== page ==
2 April 2015
Asylum seekers and refugees rely entirely on the Hong Kong Government and Social Welfare Department (“SWD”) distribution of government assistance provision through International Social Services (ISS-HK). They are not allowed to work and are sentenced to 15-22 months imprisonment if arrested working. They have no savings, no income, no bank account, nor can they rely on social networks, NGO assistance or help from family and friends. Under these conditions, they are not afforded adequate support to meet their most basic needs. While they struggle to survive, the situation is degrading, humiliating and in breach of their rights as persons granted non-refoulement protection in Hong Kong. Over the years they have repeatedly requested to bring their assistance to an adequate level, but they have been systematically and incomprehensively left in a destitute state. The limited and insufficient assistance they receive makes it impossible for them to survive on a day to day basis, particularly in the face of soaring rents.
Vision First request that the Hong Kong Government, the Security Bureau and SWD fulfill their obligation to provide for asylum seekers and refugees’ basic financial, material needs or otherwise. These needs include, but are not limited to, appropriate quantity and quality of food assistance, payment of full rent and utilities, payment of full rental deposits to landlord, daily necessities like cooking gas, clothing, health care, transport allowance for required trips always payable in full and in advance. We request that ISS-HK sign the Tenancy Agreements as refugees have no savings or income to pay rent balances every month.
We formally request that a public hearing be held to discuss these matters that concern all persons requesting and having been granted international protection in Hong Kong, who in March 2015 amounted to over 10,000 individuals, increasing by 300 every month.
Vision First further request that a Task Force be established to investigate why persons requesting and having been granted international protection in Hong Kong have been left destitute despite a system being in place to disburse government funding to prevent this condition from happening. Such policy failures have caused refugees needless and unreasonable physical, mental and psychological suffering.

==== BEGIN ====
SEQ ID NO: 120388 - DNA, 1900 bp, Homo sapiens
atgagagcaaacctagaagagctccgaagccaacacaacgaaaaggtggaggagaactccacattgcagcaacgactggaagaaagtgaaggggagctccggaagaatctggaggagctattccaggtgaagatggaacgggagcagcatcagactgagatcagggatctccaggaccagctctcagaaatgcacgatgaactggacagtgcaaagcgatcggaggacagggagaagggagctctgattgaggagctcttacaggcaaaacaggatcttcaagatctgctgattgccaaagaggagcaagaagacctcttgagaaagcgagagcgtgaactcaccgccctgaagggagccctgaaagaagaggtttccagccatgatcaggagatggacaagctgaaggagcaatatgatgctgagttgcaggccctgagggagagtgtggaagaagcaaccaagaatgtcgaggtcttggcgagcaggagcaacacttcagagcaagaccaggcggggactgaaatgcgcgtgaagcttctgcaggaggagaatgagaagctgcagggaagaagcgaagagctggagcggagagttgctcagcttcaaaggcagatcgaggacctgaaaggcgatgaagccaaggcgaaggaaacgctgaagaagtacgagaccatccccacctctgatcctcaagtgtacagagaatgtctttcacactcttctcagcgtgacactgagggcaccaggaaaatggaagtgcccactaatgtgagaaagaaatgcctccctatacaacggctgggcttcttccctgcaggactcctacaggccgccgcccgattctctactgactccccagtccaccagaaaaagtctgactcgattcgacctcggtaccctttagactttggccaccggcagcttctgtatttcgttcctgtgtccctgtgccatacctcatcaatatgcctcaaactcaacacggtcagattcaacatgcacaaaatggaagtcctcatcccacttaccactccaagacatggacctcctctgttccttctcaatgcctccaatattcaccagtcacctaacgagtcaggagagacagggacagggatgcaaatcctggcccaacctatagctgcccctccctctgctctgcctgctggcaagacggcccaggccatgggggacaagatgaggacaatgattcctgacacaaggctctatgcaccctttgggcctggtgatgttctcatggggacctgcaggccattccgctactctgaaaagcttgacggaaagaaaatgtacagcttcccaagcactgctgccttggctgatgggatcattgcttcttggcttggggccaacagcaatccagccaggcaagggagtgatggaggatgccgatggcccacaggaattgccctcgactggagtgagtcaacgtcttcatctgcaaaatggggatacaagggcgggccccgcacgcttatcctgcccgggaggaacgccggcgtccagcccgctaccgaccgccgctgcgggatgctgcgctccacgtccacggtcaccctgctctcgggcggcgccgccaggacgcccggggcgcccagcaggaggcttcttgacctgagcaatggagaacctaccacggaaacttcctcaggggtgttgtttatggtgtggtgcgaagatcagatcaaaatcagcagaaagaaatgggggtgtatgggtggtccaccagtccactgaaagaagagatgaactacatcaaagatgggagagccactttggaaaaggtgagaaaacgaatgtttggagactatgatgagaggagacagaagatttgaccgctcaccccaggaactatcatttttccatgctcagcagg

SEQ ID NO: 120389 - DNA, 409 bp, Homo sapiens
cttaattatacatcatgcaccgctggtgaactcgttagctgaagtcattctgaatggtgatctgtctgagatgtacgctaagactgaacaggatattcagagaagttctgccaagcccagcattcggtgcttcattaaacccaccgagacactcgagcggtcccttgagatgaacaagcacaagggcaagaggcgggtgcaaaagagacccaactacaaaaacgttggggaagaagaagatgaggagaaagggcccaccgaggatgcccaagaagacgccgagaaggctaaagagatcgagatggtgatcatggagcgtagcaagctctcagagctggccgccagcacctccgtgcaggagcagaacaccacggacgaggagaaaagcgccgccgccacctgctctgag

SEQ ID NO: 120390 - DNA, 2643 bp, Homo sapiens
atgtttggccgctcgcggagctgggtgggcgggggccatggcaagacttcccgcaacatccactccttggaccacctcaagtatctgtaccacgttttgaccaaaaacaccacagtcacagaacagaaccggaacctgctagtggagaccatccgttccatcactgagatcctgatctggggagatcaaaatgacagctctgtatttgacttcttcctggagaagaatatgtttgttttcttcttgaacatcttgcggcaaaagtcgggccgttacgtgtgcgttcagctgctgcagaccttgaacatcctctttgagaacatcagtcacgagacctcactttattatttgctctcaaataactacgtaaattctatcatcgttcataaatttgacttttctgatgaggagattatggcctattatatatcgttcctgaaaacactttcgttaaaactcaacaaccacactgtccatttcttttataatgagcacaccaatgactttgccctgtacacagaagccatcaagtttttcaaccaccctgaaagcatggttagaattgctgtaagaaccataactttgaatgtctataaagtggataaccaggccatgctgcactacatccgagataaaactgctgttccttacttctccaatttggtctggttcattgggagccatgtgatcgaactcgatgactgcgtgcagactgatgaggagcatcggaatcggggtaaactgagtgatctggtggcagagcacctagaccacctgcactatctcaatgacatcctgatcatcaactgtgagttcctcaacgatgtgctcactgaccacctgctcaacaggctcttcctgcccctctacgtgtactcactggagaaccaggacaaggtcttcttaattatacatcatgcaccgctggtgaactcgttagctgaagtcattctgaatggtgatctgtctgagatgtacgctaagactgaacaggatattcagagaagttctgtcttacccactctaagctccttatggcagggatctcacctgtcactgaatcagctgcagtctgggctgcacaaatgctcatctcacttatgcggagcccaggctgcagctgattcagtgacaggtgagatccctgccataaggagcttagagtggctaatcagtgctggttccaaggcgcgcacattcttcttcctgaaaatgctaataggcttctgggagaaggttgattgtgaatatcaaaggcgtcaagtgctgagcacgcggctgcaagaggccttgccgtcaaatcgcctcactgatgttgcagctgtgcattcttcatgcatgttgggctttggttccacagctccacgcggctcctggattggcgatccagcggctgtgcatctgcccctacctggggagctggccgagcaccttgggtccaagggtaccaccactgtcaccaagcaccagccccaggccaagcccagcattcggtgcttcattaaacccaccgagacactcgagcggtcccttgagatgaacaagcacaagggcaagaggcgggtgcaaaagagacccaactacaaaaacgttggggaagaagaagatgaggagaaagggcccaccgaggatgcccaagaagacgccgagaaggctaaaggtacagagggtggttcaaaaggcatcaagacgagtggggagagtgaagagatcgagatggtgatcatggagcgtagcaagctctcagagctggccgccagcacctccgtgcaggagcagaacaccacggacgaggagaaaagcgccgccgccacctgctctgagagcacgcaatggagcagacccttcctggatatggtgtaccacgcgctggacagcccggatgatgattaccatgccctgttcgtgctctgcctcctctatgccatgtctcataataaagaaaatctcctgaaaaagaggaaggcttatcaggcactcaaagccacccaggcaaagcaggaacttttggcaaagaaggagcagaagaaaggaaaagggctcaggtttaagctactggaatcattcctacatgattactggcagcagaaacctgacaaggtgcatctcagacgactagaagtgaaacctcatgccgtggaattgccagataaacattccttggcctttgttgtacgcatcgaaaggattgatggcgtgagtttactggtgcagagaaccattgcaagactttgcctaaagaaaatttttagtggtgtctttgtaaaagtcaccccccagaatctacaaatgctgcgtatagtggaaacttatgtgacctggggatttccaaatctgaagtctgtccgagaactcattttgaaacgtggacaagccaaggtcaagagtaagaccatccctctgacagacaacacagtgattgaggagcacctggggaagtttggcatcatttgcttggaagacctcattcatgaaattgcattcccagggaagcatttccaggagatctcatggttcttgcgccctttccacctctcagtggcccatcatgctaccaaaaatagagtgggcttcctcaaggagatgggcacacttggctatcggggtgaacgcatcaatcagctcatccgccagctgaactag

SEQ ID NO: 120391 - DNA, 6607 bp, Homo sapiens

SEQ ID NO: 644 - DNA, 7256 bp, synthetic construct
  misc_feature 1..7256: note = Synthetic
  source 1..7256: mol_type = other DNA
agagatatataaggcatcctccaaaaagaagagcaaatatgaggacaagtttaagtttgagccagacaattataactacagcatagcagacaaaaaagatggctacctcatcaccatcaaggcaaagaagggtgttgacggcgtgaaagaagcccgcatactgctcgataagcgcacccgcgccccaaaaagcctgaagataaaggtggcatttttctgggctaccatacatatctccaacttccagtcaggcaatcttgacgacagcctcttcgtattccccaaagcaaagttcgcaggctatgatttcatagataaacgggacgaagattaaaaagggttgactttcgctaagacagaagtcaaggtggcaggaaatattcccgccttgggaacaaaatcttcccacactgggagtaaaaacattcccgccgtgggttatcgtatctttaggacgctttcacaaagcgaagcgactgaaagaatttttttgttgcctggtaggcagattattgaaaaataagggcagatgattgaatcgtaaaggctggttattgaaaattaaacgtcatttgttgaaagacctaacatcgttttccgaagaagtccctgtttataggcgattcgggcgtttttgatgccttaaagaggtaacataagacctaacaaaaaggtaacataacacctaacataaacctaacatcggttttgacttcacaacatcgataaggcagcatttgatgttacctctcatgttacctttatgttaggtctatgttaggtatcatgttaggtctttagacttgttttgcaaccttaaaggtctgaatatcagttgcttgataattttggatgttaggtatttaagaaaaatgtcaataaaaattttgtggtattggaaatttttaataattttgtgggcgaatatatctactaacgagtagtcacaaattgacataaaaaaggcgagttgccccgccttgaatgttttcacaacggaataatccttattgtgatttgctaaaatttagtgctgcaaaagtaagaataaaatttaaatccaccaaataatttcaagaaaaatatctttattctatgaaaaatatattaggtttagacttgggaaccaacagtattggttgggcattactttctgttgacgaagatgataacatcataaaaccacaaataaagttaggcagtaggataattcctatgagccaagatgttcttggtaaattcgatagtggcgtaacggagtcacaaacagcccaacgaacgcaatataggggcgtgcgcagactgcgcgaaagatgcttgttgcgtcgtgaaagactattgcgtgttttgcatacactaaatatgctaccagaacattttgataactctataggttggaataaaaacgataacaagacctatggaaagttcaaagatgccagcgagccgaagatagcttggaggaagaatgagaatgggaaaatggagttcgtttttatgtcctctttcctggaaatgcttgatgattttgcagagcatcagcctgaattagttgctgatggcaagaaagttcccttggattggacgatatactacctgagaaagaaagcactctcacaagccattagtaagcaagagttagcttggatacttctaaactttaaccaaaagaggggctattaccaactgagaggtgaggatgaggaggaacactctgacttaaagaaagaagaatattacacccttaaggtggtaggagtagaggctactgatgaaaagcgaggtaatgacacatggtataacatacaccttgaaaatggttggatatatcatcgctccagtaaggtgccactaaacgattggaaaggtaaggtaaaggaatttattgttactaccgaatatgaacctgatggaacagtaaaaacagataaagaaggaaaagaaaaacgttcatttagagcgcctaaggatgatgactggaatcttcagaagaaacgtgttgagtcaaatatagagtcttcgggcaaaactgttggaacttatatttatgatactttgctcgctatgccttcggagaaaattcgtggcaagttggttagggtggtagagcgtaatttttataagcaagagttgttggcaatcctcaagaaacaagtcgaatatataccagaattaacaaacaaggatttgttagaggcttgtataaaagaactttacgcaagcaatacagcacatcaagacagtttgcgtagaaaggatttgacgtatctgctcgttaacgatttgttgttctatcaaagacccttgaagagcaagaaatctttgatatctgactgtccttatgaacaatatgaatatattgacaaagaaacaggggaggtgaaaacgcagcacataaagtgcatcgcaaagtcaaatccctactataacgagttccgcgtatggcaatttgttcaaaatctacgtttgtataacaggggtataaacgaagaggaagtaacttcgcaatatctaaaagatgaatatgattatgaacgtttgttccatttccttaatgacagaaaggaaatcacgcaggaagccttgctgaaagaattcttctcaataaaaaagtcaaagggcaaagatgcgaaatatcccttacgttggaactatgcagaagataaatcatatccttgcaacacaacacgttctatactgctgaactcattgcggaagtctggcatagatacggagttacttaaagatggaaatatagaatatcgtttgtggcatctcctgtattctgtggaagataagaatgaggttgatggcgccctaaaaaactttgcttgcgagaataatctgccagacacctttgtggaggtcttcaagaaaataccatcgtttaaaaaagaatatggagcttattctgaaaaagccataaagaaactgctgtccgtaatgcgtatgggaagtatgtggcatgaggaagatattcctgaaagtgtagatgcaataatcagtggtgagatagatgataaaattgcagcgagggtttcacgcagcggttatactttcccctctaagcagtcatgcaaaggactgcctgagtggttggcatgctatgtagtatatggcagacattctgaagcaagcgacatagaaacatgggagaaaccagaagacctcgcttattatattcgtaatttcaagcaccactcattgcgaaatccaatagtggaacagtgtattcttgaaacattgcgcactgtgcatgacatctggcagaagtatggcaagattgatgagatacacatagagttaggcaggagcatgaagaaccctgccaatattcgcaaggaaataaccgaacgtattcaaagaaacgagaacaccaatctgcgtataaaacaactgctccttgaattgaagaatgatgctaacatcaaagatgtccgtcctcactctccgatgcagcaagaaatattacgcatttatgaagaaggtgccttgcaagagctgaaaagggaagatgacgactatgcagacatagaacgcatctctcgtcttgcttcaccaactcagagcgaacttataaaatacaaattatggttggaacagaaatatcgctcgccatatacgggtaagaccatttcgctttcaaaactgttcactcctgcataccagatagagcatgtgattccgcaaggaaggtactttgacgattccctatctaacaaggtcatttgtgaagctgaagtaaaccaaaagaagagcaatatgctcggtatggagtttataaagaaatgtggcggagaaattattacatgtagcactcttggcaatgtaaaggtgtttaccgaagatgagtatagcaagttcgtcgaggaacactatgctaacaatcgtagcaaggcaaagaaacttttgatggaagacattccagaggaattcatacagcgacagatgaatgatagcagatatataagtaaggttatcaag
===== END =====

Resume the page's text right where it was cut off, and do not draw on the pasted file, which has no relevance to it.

Vision First invites refugees to download and complete the form below that will be filed at the Complaints Office of the Legislative Council Secretariat over the coming weeks and months.
Dear VF members and supporters –
A refugee blogger reminded us that people should be judged by the breadth of their mind and the depth of their character, not by their social position or economic achievement, and certainly not by their immigration status imposed by states.
One would think that this fundamental notion should be generally accepted as obvious in our day and age, but does it consistently discharge ingrained preconceptions, cultural bias and ethnic stereotypes?
There is a wide range of views about what constitutes respect, a mindset that perhaps has less to do with how people are esteemed, and more to do with how others are treated. The Golden Rule might be taken as an acceptable universal standard, for it is found remarkably at the root of many cultures.
The Golden Rule states that, “One should treat others as one would like others to treat oneself.”
This ethic of reciprocity prescribes a mutual, two-way relationship between oneself and others that involves genuine equality in treatment, particularly as a fair formula to resolve conflicts. Advocates will recognize that this concept underpins most international treaties and many domestic laws relating to the treatment of those perceived with otherness, different or foreign, refugees or not.